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17 May 2022

Cross-border permits "catastrophic" for business and tourism in Derry and the North

"Our tourism industry is predicted to take a £160 million loss"

Cross-border permits "catastrophic" for business and tourism in Derry and the North

Derry Chamber President, Aidan O'Kane has explained the incredibly negative impact cross-border permit would have, if implemented

President of the Derry Chamber of Commerce, Aidan O'Kane, has warned that UK government proposals to require international travellers to apply for a permit to cross the Irish border will be detrimental to the tourism industry in Derry and across the North.

The new permits were announced last year as part of the Nationality and Borders Bill.

It would require non-British and non-Irish EU citizens to apply for pre-travel clearance.

Mr O'Kane feels this will lead to a significant drop in "spontaneous tourism" as The NI Affairs Committee was told most international visitors to Northern Ireland arrive via Dublin airport.

The new Electronic Travel Authorisation (ETA) will be required for those international tourists who want to travel onwards to Northern Ireland, even if it is just for a day trip.

The system would be similar to the declaration that international passengers have to fill in before travelling to the United States or Canada.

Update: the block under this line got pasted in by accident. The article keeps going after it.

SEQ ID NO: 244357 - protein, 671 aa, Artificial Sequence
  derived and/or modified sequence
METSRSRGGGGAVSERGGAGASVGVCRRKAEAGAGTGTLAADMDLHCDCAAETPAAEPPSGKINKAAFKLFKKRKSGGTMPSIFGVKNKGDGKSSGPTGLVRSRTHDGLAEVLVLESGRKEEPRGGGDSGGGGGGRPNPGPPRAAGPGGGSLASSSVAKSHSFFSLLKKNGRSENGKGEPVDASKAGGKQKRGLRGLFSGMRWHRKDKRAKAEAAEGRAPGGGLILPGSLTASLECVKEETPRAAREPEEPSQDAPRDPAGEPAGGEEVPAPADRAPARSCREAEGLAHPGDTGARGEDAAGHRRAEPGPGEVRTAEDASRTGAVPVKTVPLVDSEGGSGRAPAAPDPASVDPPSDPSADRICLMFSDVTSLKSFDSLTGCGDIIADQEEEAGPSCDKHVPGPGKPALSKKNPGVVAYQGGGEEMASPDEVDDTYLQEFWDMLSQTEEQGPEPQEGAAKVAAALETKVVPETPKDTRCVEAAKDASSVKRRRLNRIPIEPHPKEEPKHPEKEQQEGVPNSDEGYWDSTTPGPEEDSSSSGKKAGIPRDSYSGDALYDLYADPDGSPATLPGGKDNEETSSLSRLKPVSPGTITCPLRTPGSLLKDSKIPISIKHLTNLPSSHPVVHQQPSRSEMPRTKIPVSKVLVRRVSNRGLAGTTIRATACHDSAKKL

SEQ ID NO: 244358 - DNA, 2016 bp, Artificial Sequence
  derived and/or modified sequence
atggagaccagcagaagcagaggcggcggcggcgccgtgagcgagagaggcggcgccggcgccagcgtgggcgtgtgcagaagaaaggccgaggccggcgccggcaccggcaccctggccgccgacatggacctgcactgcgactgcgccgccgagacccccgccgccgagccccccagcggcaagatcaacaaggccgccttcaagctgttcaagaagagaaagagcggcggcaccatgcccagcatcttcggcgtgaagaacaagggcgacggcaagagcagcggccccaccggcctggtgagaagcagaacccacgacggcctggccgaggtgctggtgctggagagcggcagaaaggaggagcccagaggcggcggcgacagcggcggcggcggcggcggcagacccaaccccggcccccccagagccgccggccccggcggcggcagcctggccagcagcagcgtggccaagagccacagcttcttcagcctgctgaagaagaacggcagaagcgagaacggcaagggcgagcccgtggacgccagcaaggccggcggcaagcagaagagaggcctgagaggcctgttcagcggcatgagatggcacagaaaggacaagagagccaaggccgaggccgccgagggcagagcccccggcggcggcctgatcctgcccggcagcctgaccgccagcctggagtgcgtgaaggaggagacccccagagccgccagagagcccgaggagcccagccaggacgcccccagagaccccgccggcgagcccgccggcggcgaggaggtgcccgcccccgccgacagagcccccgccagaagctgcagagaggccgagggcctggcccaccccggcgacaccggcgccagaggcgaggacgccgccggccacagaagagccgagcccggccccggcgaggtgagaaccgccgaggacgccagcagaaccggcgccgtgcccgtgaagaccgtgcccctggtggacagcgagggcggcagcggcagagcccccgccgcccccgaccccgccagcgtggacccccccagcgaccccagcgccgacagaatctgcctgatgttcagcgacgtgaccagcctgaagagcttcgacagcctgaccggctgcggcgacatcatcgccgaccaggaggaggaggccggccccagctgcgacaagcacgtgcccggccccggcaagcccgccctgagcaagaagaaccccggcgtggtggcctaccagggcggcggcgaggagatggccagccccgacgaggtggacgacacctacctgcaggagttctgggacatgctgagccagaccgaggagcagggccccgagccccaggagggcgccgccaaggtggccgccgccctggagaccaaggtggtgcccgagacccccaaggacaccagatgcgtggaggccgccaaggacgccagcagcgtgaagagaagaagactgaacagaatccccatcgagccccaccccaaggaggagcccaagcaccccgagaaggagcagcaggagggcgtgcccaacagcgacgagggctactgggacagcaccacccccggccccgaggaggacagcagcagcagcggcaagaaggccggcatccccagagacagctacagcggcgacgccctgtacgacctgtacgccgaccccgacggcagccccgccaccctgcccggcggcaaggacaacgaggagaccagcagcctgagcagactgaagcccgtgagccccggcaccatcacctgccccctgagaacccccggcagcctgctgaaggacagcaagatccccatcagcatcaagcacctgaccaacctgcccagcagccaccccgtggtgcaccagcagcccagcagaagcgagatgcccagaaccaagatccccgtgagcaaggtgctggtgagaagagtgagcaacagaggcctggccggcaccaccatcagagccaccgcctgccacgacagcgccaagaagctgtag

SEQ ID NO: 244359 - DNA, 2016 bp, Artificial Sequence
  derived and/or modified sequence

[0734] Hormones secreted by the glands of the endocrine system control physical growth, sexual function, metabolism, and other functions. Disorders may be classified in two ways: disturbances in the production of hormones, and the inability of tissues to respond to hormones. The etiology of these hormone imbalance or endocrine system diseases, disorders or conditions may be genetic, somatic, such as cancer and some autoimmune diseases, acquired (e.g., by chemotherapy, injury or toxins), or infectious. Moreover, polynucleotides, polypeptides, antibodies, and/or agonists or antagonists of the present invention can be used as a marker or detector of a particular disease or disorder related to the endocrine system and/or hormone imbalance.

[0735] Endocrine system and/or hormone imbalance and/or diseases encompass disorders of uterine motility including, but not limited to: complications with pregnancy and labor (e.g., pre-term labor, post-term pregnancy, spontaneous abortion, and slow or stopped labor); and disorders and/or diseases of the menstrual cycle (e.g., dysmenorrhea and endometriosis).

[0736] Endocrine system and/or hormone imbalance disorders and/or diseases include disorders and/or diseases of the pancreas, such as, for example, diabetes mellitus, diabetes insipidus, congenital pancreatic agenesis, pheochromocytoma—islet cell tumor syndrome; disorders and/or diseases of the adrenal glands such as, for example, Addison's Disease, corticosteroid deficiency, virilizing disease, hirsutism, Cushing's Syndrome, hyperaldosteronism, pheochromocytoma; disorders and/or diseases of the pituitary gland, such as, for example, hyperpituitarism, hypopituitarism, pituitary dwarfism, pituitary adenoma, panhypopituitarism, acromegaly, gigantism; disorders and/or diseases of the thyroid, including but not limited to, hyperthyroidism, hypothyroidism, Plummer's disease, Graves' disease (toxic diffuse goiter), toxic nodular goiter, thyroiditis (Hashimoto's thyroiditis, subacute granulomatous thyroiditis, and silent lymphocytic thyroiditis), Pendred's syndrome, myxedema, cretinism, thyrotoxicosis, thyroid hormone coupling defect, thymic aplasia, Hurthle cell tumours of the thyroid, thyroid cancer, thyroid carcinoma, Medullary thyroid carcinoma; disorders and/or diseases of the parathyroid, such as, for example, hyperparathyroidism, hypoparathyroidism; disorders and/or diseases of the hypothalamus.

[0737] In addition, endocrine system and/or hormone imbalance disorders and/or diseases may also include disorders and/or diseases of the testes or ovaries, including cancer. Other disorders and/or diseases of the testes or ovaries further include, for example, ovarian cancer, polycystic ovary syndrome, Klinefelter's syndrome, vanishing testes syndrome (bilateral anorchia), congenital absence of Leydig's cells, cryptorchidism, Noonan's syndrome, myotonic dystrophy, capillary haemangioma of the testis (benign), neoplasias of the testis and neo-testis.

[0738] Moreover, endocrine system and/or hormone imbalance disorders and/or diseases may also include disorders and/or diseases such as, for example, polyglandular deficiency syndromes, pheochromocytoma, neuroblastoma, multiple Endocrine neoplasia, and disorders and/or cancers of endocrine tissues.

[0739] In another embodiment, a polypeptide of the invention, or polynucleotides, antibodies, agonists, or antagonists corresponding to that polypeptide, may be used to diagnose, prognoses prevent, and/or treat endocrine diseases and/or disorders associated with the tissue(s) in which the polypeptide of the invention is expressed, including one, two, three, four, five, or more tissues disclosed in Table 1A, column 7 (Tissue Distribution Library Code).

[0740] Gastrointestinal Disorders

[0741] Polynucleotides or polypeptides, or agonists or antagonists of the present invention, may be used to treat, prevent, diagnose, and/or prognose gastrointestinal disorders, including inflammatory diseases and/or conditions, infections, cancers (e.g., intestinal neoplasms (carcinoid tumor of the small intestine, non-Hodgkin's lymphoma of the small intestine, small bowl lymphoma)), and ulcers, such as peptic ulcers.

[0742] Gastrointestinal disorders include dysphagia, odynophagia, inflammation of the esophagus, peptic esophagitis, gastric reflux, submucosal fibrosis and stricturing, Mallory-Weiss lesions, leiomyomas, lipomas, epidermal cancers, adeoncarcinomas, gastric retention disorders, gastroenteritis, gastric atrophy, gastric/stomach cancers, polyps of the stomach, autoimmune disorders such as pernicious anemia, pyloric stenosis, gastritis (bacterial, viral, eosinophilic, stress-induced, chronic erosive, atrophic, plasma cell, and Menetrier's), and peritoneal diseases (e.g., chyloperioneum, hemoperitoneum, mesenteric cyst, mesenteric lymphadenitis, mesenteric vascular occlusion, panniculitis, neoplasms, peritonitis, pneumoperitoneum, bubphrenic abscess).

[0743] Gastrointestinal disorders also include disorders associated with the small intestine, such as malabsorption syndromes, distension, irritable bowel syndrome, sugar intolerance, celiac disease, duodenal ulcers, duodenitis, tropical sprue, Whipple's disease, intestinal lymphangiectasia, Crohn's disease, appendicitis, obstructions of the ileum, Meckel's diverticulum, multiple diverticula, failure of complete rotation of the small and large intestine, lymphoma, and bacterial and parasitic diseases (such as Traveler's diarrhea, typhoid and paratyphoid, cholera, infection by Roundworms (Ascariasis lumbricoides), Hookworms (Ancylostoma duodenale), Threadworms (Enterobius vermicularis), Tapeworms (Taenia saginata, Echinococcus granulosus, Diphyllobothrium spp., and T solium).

Mr O'Kane told Derry News that the new legislation has not been thought through and the permits will only negatively affect both tourists and residents, "Northern Ireland is not a priority for the UK Government when it comes to these types of decisions, that is the reality, " Mr O'Kane said.

"A lot of these things are not clearly thought through and the impact they will have on Northern Ireland. It is concerning that Northern Ireland is an afterthought.

"The symptoms of badly thought out legislation and law means that tourism and hospitality will be heavily affected, there is no doubt about it.

"Dublin is the magnet of international tourism and we have to acknowledge that, unless there are very specific reasons for tourists to come to Northern Ireland, such as booking deliberate troops, the vast majority of "accidental tourism" if you like would be a result of tourists flying into Dublin and touring the island.

"This new bill will make it more difficult to travel around the island when in reality we should be looking at ways to make it easier.

"We have to open up routes across the North and into the North. That is what we should be focusing on, not how to make it more difficult.

"The impulse tourists, who we welcome with open arms, are a vital part of our tourism market in Derry, specifically.

"People visit Donegal and decide to jump across and stay here in Derry, these proposals don't take that into account; they are not tailored for Derry or Northern Ireland.

"The reality for people in Derry is that people get on with their lives without acknowledging the border as a barrier; you shouldn't need extra paperwork to live your life, and that is the way it should be for tourists too.